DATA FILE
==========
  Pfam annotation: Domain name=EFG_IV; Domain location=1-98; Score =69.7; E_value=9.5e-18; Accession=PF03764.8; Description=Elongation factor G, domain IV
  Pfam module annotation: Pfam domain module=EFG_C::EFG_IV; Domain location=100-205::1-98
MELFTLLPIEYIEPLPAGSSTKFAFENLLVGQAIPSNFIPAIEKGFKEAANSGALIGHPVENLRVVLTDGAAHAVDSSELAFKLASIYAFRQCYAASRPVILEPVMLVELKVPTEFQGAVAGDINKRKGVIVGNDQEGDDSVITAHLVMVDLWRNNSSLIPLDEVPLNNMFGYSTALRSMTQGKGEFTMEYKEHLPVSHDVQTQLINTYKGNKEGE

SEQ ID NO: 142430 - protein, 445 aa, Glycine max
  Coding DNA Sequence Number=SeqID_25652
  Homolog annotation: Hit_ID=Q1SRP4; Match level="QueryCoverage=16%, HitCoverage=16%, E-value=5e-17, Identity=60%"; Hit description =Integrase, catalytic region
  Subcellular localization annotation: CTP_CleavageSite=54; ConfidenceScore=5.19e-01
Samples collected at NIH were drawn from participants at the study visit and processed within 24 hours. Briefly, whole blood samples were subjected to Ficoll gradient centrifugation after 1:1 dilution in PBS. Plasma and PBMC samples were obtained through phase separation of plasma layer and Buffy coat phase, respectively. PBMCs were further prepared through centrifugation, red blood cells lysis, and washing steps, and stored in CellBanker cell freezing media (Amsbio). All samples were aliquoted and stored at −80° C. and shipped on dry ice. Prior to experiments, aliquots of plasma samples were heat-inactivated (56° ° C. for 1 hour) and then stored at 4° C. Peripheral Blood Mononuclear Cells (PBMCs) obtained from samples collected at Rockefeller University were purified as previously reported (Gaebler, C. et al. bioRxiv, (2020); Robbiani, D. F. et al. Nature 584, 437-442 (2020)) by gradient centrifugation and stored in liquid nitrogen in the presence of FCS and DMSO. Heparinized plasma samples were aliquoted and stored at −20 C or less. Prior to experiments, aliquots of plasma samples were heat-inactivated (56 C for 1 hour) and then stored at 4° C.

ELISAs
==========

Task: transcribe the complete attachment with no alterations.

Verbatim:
  Pfam annotation: Domain name=EFG_IV; Domain location=1-98; Score =69.7; E_value=9.5e-18; Accession=PF03764.8; Description=Elongation factor G, domain IV
  Pfam module annotation: Pfam domain module=EFG_C::EFG_IV; Domain location=100-205::1-98
MELFTLLPIEYIEPLPAGSSTKFAFENLLVGQAIPSNFIPAIEKGFKEAANSGALIGHPVENLRVVLTDGAAHAVDSSELAFKLASIYAFRQCYAASRPVILEPVMLVELKVPTEFQGAVAGDINKRKGVIVGNDQEGDDSVITAHLVMVDLWRNNSSLIPLDEVPLNNMFGYSTALRSMTQGKGEFTMEYKEHLPVSHDVQTQLINTYKGNKEGE

SEQ ID NO: 142430 - protein, 445 aa, Glycine max
  Coding DNA Sequence Number=SeqID_25652
  Homolog annotation: Hit_ID=Q1SRP4; Match level="QueryCoverage=16%, HitCoverage=16%, E-value=5e-17, Identity=60%"; Hit description =Integrase, catalytic region
  Subcellular localization annotation: CTP_CleavageSite=54; ConfidenceScore=5.19e-01
Samples collected at NIH were drawn from participants at the study visit and processed within 24 hours. Briefly, whole blood samples were subjected to Ficoll gradient centrifugation after 1:1 dilution in PBS. Plasma and PBMC samples were obtained through phase separation of plasma layer and Buffy coat phase, respectively. PBMCs were further prepared through centrifugation, red blood cells lysis, and washing steps, and stored in CellBanker cell freezing media (Amsbio). All samples were aliquoted and stored at −80° C. and shipped on dry ice. Prior to experiments, aliquots of plasma samples were heat-inactivated (56° ° C. for 1 hour) and then stored at 4° C. Peripheral Blood Mononuclear Cells (PBMCs) obtained from samples collected at Rockefeller University were purified as previously reported (Gaebler, C. et al. bioRxiv, (2020); Robbiani, D. F. et al. Nature 584, 437-442 (2020)) by gradient centrifugation and stored in liquid nitrogen in the presence of FCS and DMSO. Heparinized plasma samples were aliquoted and stored at −20 C or less. Prior to experiments, aliquots of plasma samples were heat-inactivated (56 C for 1 hour) and then stored at 4° C.

ELISAs